It was my unusual privilege on April 22 to attend the Bach Festival’s Vive la France concert in Rollins’ own Knowles Memorial Chapel. The Bach Festival Society, which saw its birth at Rollins in 1935, per the evening’s program, prides itself in “bringing world-class talent to the Winter Park community.” What better place to display said talent than in the ominously lit, imposing halls of Knowles Chapel? As I took my seat against the right wall, a gracious pillar obstructing my view of three quarters of the orchestra, I felt a sense of grandeur that left me feeling dwarfed and underdressed.
The concert opened with Camille Saint-Saenes’ Morceau de Concert, Op. 94, featuring Kathy Thomas leading on the French horn. From the first few strokes of conductor John V. Sinclair’s hands, I could hear a majesty that had no trouble filling the massive space of the chapel. The clear ringing of Thomas’ horn heralds a grand sweep from the string ensemble in resonant highs and thundering lows. It sounded patriotic to me in the moment, and were I less enraptured, I may have deigned to salute the orchestra.
Claude Debussy’s Nocturnes followed after some applause. Nuages, or Clouds, the first piece, had an insistent and rolling consistency to it that I sank into. The cellos and double basses gently hummed through my whole body. Fetes, appropriately Holidays, had the same sedating and carrying quality of its namesake, so much so that I was stolen by dreams halfway through.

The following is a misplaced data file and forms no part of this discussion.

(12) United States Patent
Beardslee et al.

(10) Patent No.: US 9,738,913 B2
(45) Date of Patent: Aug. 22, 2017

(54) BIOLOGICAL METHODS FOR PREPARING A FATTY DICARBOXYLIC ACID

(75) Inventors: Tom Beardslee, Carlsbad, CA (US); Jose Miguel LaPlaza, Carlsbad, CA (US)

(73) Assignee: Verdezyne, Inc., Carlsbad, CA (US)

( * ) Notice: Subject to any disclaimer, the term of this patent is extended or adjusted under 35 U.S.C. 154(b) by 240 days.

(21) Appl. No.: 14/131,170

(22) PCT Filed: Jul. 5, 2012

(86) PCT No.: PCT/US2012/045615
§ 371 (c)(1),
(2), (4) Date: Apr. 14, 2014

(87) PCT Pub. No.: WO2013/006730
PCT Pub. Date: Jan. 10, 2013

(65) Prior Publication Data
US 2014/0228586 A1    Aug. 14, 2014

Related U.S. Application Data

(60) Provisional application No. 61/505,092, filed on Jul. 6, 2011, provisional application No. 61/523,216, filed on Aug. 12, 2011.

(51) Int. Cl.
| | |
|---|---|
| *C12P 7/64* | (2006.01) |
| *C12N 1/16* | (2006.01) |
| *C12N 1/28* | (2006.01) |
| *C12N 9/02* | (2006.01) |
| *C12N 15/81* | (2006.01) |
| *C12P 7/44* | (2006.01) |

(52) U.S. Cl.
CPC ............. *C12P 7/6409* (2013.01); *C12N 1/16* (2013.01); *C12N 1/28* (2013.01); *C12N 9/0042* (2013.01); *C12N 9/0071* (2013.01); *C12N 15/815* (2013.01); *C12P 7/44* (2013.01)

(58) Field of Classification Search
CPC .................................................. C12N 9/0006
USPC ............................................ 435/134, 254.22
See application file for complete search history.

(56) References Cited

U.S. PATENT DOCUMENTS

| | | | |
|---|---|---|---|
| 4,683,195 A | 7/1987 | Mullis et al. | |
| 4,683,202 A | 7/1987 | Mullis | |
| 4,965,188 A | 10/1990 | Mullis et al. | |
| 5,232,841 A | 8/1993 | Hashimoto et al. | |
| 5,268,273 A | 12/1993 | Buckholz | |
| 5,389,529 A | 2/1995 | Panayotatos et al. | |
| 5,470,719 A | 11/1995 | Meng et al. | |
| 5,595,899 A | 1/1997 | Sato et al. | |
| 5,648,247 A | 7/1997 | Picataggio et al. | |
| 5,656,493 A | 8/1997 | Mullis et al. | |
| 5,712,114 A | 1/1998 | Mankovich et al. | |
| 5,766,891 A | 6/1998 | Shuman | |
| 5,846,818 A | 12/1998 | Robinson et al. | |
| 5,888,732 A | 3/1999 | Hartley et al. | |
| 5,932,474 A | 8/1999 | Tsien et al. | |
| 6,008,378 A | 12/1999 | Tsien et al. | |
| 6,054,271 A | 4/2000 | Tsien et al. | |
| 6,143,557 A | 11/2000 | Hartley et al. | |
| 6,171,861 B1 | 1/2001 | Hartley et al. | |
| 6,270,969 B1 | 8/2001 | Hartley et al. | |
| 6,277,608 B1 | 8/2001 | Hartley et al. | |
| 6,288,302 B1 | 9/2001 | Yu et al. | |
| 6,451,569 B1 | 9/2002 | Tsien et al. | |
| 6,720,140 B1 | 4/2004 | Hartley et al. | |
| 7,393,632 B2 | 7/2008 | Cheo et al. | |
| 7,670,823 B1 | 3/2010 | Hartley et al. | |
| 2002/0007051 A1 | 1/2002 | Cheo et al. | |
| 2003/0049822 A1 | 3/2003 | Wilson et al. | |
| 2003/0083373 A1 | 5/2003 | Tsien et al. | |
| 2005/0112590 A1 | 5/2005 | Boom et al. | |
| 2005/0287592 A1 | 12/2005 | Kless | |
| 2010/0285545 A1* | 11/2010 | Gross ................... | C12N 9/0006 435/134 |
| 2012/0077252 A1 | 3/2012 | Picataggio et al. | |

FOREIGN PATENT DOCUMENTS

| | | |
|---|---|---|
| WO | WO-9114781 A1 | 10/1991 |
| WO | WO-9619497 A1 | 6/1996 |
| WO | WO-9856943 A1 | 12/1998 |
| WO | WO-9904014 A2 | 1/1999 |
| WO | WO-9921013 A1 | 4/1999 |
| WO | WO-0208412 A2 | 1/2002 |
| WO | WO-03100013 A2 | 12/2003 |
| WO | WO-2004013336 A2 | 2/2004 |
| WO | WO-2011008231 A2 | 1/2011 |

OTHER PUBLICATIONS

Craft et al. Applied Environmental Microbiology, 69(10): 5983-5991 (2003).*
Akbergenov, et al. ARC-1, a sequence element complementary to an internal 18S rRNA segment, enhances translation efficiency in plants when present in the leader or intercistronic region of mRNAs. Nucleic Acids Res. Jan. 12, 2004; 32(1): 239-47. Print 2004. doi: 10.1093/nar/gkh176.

At that point, I noticed the choir (which I am ashamed to admit I had thought was just another section of the audience up until this point) rise from their seats, and my voice caught as I felt theirs preparing. They boomed like a thunderclap as they sang the suitably titled Gloria, as per Francis Poulenc. This glorious hymn led into a softer, more personal Laudamus te, “We praise you.” The strings here sounded almost humble. It was here that the astounding soprano Sherezade Panthaki took the stage for Domine Deus, an almost ominous piece recognizing Lord God’s supreme sovereignty. Panthaki’s clear and skyscraper-high tone was likely be heard from Valencia College.
Domine Fili unigenite, followed by Domine Deus, Agnus Dei, followed by Qui sedes ad desteram patris concluded this section of the concerto, in which equal measures of awe and fear of God resonated in every note. Not every section stood out to me, but really, not all of them needed to.
The concert closed with a rendition of Gabriel Faure’s Requiem. The intermission allowed me to stretch my legs and process the grandeur of what I had just heard, and as I returned to my seat, I had a burning curiosity to hear the voice of Michael Dean, the baritone leading this section. I am not disappointed; the ideal counterpart to Panthaki’s soaring soprano, Dean’s voice runs low, and fluid like the depths of the ocean. I was completely captivated, in particular during Libera Me, a mournful but dignified piece with a fantastic melody.
The rest of this section spoke to me very little, and felt like a subdued ending when matched against the rst half of the performance.
I would say that I have a sober and objective appreciation for the skill and precision it took to execute a concert of such caliber. I would also say I personally lack the personal attraction to such performances, and lack the ability needed to critique them with any real fervor.
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